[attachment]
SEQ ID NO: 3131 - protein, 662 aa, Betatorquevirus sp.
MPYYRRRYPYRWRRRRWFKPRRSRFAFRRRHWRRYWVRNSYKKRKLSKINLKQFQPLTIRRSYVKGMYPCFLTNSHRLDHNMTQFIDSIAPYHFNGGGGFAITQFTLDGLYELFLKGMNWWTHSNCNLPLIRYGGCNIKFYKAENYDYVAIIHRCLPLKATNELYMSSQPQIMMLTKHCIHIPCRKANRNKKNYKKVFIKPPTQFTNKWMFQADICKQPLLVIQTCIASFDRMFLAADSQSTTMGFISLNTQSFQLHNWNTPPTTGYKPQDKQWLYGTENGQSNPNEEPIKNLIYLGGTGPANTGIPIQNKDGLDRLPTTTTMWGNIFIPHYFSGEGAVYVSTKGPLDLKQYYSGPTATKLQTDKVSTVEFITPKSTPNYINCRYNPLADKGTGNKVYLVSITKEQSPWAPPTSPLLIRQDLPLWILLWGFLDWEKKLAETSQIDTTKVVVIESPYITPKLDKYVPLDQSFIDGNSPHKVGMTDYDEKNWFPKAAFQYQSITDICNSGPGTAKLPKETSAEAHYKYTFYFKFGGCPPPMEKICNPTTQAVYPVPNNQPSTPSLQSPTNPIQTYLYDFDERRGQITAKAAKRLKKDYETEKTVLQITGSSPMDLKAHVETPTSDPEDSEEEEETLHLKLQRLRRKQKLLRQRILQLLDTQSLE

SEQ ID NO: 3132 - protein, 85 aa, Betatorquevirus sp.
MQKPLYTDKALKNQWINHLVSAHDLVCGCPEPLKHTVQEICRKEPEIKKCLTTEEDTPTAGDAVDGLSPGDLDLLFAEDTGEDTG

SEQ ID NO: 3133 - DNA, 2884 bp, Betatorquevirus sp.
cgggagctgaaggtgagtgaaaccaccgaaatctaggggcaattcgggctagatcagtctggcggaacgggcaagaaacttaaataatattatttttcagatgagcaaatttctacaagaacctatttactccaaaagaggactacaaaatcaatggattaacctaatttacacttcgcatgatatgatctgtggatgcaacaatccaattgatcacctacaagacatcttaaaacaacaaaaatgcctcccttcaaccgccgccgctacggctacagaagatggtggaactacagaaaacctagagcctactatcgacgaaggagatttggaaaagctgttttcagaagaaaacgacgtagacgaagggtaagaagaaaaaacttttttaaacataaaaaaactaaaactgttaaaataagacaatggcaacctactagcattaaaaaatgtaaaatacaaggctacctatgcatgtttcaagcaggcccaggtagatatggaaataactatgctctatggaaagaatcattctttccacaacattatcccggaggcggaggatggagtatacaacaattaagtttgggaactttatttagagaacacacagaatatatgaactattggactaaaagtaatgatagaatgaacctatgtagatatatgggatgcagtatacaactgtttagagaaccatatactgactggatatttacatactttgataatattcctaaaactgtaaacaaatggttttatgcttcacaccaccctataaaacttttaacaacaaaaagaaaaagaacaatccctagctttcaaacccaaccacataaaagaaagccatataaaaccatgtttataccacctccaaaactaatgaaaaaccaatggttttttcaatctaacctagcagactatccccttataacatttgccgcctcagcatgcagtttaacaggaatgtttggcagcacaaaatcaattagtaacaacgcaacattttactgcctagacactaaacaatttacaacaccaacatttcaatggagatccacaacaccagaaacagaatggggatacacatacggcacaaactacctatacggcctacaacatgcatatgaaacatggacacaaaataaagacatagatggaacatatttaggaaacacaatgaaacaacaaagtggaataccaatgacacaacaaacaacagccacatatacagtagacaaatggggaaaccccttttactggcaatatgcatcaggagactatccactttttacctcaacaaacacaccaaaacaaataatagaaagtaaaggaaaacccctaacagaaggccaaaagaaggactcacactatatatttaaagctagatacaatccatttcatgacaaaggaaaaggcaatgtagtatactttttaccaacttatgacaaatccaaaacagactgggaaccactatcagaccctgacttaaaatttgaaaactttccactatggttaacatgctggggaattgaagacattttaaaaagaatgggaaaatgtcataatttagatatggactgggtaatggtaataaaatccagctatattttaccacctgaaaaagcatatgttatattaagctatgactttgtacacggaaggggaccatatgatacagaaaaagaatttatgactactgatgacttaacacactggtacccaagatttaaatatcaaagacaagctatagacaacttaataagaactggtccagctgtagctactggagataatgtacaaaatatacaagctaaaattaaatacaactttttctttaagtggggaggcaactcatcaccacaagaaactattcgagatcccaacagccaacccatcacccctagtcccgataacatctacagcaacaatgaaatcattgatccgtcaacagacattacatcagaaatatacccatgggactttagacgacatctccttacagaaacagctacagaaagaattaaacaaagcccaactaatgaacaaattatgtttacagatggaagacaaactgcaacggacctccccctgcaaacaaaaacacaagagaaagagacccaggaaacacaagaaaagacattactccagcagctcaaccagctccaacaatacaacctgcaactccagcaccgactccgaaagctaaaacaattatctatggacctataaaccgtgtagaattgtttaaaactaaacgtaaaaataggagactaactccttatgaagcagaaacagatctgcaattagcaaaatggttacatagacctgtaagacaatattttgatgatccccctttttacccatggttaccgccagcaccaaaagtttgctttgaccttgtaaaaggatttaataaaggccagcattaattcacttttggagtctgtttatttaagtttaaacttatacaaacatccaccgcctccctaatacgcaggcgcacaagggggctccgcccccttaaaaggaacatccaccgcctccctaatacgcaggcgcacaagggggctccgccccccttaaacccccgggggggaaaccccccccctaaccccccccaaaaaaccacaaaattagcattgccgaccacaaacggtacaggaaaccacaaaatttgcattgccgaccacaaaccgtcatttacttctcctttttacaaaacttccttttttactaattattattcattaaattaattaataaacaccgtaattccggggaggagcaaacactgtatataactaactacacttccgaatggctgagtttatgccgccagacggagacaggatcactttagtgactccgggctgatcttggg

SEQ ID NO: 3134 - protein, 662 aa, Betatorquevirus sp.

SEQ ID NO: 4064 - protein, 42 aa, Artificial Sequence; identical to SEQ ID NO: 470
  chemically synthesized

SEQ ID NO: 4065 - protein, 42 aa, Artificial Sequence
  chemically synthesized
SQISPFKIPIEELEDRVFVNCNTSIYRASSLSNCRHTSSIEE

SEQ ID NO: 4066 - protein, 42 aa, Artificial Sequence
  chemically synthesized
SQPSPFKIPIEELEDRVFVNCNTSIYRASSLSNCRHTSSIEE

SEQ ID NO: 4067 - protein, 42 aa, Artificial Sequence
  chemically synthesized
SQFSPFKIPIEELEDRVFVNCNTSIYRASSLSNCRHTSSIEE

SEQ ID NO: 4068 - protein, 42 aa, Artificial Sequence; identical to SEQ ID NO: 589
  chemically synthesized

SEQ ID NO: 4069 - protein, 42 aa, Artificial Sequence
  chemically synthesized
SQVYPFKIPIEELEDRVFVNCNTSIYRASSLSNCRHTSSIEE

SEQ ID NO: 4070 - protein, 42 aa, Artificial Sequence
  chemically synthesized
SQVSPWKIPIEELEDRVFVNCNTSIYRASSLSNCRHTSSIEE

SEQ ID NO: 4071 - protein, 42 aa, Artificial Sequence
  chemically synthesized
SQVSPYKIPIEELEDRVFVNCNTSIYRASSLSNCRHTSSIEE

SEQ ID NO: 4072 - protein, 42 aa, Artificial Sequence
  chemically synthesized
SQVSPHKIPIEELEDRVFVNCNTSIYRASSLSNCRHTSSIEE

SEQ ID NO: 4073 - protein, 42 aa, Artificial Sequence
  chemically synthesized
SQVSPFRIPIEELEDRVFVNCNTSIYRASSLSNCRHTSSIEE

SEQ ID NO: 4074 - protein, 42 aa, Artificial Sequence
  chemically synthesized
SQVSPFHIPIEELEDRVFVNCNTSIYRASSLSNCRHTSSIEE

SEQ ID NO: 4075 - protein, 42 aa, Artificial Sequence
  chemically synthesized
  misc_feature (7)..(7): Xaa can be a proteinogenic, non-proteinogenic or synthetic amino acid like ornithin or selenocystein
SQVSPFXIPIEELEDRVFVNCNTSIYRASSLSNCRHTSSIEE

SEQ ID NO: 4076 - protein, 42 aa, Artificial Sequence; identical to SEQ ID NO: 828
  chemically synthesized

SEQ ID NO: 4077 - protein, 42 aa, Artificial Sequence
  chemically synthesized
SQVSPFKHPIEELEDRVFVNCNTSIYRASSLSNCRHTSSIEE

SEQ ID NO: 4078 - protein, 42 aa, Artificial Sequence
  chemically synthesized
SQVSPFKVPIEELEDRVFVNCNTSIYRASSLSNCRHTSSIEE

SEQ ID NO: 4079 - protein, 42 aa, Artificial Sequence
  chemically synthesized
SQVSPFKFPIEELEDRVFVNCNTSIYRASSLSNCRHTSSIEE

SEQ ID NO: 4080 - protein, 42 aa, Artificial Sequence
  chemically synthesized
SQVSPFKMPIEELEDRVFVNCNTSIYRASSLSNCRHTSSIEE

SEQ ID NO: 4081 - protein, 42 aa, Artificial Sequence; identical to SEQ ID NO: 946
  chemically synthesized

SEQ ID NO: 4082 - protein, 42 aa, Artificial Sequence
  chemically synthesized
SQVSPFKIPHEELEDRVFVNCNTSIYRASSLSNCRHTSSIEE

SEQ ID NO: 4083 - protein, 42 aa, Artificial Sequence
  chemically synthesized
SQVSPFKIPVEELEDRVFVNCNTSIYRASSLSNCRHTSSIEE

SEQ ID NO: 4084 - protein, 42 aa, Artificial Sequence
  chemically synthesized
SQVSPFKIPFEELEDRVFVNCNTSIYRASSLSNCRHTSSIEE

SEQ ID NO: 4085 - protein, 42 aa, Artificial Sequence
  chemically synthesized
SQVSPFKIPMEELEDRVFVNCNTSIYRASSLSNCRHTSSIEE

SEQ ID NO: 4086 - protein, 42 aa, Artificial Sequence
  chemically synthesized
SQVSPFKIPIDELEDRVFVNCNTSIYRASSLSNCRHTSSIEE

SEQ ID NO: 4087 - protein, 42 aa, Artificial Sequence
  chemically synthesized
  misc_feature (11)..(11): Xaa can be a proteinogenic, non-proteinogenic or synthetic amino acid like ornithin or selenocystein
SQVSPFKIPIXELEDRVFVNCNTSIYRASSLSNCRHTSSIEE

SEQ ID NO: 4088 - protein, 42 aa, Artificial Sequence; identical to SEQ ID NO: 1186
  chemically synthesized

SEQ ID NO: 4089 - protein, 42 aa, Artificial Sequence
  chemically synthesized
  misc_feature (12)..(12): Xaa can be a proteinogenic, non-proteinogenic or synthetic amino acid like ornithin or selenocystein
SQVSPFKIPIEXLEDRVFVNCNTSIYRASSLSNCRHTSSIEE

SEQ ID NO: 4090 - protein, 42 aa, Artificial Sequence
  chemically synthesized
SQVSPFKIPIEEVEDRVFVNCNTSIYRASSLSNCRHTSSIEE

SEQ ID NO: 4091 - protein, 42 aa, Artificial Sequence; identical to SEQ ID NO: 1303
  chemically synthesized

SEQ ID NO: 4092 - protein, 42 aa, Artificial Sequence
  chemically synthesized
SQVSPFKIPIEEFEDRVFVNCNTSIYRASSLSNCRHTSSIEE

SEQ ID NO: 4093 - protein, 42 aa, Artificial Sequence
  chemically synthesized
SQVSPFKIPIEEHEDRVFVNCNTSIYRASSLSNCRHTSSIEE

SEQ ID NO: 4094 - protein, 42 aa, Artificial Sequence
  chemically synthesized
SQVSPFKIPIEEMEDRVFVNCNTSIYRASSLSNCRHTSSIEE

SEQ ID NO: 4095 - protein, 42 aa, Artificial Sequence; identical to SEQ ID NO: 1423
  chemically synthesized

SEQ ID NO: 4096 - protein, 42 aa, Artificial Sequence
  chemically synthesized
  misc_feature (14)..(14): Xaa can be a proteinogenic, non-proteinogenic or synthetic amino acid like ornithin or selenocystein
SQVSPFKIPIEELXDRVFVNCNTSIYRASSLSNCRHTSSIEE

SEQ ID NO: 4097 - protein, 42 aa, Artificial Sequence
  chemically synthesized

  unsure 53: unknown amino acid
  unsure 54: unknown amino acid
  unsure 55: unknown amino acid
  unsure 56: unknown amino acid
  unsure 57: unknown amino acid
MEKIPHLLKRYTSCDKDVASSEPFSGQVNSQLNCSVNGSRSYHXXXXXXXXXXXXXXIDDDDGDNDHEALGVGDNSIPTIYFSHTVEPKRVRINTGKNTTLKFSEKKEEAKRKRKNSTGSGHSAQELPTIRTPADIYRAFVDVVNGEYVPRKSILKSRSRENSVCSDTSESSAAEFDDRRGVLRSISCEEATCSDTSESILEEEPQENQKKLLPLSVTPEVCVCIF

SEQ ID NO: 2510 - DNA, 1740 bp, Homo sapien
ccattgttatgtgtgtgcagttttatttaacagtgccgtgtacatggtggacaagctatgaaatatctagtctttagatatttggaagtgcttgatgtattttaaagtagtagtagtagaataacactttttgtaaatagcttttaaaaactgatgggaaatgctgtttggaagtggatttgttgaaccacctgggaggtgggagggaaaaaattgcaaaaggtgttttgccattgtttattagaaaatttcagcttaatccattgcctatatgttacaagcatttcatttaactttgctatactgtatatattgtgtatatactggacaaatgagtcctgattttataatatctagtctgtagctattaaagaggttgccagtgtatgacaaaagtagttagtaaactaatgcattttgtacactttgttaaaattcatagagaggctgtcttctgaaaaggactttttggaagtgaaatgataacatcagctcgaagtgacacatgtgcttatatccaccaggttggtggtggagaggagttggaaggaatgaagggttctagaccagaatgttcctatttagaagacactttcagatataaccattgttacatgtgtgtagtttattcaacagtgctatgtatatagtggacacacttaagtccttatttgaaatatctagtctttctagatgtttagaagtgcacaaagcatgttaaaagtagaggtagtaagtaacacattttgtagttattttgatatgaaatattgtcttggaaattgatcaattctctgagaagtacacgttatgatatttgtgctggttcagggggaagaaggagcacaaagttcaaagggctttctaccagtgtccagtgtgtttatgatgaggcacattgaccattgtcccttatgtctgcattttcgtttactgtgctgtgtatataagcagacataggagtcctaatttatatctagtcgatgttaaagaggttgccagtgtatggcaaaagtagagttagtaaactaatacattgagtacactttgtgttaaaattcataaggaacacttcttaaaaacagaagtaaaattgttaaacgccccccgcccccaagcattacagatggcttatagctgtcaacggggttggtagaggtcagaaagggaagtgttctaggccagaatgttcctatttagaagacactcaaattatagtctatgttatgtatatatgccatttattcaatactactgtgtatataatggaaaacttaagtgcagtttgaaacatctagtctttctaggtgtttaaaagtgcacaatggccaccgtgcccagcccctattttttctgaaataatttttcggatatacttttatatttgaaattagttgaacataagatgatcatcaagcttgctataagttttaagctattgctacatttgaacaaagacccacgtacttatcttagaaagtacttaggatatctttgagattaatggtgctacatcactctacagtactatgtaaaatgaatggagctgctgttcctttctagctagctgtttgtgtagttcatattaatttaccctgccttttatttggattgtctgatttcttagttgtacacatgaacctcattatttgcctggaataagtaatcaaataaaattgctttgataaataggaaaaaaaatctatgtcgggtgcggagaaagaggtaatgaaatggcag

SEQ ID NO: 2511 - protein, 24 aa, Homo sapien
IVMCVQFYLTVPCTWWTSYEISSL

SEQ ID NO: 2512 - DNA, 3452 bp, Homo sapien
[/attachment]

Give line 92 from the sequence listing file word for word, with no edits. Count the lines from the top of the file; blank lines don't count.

SEQ ID NO: 4093 - protein, 42 aa, Artificial Sequence